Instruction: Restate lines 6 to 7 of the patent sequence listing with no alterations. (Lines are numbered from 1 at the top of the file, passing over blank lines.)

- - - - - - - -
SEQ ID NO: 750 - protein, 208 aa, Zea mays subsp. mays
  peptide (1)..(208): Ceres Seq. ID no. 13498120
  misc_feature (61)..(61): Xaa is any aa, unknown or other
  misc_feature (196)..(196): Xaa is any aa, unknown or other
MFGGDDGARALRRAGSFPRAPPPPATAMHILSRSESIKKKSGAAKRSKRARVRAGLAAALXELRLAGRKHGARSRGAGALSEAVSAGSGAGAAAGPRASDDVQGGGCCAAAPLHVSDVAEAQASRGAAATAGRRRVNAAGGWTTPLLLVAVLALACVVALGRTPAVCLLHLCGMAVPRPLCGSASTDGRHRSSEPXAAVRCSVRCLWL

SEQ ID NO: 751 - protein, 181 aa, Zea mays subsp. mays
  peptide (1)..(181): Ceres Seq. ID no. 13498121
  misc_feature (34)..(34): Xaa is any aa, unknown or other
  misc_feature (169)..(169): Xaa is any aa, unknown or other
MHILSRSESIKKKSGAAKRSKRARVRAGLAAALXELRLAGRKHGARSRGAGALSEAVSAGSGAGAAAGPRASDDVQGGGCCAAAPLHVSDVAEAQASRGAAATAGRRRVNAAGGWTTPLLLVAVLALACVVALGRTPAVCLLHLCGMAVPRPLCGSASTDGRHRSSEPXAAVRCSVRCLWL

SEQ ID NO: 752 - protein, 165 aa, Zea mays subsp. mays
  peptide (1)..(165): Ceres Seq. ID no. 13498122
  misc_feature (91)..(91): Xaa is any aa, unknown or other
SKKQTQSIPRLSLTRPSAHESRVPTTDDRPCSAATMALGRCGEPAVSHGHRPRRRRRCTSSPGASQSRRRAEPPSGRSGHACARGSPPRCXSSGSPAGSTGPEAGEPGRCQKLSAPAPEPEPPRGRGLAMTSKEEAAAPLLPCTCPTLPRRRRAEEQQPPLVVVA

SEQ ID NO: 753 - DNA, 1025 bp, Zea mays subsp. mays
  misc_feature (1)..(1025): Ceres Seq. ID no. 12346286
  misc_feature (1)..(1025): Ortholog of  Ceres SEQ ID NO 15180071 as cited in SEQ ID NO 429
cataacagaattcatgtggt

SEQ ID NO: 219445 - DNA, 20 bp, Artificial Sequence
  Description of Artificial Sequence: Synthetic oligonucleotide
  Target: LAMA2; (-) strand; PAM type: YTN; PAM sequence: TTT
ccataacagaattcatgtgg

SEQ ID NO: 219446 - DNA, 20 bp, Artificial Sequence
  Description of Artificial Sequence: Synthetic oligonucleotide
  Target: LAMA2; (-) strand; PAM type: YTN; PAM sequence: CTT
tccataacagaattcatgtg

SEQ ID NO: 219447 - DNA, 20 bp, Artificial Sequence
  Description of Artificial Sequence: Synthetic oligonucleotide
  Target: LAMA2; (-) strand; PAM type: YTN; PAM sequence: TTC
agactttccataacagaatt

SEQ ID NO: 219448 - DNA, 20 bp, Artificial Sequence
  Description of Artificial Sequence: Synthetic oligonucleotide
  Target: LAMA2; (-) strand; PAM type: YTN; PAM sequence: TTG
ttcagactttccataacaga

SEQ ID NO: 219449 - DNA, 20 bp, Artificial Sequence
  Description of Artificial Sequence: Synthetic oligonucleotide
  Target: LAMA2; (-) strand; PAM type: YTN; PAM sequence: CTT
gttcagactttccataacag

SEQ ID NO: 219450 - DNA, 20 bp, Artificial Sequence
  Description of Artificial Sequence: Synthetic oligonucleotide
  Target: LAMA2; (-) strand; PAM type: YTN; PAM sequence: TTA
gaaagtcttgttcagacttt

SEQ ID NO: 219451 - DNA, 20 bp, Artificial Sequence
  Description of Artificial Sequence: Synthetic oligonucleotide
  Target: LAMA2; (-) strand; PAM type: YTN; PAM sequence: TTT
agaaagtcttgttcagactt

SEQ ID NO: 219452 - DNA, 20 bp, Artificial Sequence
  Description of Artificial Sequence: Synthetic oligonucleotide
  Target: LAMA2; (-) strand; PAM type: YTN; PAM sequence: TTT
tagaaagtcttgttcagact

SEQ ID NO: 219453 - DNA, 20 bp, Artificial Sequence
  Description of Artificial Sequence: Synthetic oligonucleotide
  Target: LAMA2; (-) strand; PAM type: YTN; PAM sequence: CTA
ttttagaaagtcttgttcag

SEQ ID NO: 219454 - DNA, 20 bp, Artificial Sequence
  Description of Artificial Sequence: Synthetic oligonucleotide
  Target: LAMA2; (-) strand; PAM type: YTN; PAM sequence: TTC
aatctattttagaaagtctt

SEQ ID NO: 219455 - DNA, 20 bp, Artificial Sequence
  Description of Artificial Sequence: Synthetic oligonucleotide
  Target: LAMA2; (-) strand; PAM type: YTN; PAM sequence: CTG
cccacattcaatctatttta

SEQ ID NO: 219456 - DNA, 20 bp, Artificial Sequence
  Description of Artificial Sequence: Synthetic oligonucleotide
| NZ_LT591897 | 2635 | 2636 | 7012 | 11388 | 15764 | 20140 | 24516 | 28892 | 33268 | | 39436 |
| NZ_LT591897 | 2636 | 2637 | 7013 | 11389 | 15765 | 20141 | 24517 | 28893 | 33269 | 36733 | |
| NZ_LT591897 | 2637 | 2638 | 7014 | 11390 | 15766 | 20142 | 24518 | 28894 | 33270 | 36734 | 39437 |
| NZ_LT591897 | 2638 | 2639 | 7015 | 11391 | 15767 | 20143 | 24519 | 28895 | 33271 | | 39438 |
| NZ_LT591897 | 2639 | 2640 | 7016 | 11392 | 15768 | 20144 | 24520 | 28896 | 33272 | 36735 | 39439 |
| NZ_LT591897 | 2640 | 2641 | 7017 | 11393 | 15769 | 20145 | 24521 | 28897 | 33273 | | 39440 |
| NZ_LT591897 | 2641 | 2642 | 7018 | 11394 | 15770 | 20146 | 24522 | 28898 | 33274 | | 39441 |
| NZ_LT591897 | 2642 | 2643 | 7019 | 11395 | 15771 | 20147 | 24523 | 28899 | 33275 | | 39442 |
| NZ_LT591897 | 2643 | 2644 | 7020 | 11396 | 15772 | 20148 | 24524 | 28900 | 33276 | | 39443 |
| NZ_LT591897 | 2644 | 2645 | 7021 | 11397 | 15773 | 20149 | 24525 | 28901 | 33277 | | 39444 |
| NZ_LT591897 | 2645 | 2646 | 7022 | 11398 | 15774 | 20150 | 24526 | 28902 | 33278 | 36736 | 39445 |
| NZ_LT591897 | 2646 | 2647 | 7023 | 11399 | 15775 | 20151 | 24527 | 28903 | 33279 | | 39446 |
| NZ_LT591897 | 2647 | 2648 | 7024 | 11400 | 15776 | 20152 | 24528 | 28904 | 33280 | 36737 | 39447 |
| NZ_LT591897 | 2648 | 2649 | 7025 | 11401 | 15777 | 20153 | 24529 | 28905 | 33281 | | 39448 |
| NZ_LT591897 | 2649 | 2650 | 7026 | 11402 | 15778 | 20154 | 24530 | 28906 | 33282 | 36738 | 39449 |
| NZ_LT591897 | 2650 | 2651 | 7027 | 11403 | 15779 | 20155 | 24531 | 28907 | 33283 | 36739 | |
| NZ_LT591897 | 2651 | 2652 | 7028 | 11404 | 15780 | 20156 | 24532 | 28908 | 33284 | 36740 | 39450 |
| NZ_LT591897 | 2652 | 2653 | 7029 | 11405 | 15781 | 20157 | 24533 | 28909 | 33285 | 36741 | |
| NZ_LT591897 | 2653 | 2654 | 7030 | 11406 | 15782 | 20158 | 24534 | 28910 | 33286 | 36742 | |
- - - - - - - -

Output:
SEQ ID NO: 751 - protein, 181 aa, Zea mays subsp. mays
  peptide (1)..(181): Ceres Seq. ID no. 13498121